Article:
Belfast Telegraph

Thursday 18 September 2014

DfE hails school results increase

Eleven-year-olds at more than 15,000 primary schools took SATs in English and maths

The number of primary schools failing to give pupils a good grounding in the three Rs has halved in the space of a year, official figures suggest.

In total, 521 schools in England are below the Government's floor target for primaries, according to an analysis of data used to create new primary school league tables. Last year, 1,310 schools were below the threshold.

The results show that schools have "responded to the challenge" that was given to them, the Department for Education (DfE) said. The latest tables show how more than 15,000 primary schools performed in national curriculum tests - known as SATs - in English (reading and writing) and maths.

Under the Government's current target, schools are considered failing if fewer than 60% of 11-year-olds reach the expected standard - Level 4 - in English and maths SATs tests, and fewer youngsters make two levels of progress in these subjects than the national average.

The national average for English progress this year is 92%, and for maths it is 90%. Schools that fail to reach this threshold are at risk of being closed and turned into academies. The latest figures show that of the 521 schools which are below the bar, 45 have already closed, with 37 becoming academies.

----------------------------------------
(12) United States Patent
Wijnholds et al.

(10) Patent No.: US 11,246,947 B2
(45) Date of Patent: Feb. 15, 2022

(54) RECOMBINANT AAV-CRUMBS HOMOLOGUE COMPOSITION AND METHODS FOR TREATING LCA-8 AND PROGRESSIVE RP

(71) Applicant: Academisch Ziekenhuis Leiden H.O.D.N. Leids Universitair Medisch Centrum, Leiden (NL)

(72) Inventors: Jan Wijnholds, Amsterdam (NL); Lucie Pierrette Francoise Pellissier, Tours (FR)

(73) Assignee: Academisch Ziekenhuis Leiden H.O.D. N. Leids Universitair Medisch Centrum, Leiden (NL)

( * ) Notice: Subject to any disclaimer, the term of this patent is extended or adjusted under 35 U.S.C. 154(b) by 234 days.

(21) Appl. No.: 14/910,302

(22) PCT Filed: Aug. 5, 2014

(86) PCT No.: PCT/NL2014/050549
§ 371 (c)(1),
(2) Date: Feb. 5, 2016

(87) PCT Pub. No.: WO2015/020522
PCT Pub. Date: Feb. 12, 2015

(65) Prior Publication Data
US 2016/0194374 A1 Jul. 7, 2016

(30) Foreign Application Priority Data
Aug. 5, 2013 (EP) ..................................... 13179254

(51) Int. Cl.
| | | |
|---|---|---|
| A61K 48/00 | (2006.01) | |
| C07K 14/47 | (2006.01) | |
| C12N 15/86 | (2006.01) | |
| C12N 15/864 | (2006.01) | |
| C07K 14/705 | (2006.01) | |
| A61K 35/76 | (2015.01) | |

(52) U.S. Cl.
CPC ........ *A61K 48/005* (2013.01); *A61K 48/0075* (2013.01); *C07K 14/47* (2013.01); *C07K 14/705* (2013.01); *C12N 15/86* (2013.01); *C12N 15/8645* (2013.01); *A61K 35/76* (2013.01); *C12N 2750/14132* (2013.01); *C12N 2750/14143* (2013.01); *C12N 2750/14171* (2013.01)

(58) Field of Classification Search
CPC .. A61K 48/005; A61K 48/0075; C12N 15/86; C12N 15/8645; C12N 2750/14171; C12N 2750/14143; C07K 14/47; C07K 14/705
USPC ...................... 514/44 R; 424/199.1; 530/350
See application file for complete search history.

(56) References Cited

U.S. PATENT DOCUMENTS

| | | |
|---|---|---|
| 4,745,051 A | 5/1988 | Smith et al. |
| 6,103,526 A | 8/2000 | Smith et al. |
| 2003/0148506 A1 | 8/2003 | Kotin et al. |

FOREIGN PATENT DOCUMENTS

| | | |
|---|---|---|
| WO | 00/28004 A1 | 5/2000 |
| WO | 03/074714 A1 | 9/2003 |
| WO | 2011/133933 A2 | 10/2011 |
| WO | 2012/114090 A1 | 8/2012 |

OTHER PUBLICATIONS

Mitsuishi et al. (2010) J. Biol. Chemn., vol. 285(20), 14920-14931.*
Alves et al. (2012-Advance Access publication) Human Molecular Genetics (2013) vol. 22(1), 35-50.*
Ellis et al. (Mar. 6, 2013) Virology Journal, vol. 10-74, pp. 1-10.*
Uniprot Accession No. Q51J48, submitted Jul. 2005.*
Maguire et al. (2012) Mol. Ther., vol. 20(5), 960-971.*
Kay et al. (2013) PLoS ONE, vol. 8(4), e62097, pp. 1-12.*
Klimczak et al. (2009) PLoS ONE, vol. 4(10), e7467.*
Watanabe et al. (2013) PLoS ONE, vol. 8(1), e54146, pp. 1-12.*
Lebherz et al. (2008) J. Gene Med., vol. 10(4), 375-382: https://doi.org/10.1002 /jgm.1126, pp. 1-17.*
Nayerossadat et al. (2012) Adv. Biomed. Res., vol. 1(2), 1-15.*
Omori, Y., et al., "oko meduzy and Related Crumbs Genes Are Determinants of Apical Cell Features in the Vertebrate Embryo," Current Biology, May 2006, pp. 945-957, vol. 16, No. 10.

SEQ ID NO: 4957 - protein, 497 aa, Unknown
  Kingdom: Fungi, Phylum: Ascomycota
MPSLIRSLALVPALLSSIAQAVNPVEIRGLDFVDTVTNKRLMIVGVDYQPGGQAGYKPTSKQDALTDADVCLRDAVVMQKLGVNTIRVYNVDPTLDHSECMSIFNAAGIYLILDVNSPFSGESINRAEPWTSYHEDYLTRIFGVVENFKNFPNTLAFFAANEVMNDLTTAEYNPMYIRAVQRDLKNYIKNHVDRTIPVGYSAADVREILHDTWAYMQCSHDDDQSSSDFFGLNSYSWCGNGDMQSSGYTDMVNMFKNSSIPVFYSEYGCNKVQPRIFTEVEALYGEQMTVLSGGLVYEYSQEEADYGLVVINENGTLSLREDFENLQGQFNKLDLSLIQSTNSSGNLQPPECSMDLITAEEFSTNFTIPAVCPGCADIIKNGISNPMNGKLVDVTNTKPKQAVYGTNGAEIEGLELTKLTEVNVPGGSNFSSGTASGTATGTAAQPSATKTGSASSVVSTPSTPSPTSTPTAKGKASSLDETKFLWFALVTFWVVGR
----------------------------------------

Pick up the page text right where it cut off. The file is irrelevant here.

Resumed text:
The rise in performance this year could be partly down to the Government's decision to scrap the externally-marked writing part of the English SATs test. Traditionally, marks for the test were lower than for the reading and maths papers. This year, for the first time, schools were given the option to mark the writing paper themselves, or to send it to an external marker.

A DfE spokesman said that the aim of their floor target was to boost standards and "end years of chronic under-performance", adding: "Today's figures demonstrate that schools have responded to the challenge. The floor standards we introduced were tougher and have improved performance. Heads, teachers and pupils deserve credit for meeting the challenge head on."

This year's top school, for the second year running, was Newton Farm Nursery, Infant and Junior in Harrow. It gained the highest average points score at 34.1. Second was Grinling Gibbons Primary School in Deptford, south east London.

The most improved school was Thornhill Primary School in Southampton, which saw results rise from 24% reaching Level 4 in English and maths in 2009, to 88% achieving it this year.

At the other end of the scale, among schools with more than 30 pupils eligible for the tests, was Ladygrove Primary School in Telford, which had 85% of students reaching Level 4 in English, but recorded no results for maths. Vane Road Primary in Newton Aycliffe, County Durham, which had 60 eligible pupils, recorded 0% for both English and maths.

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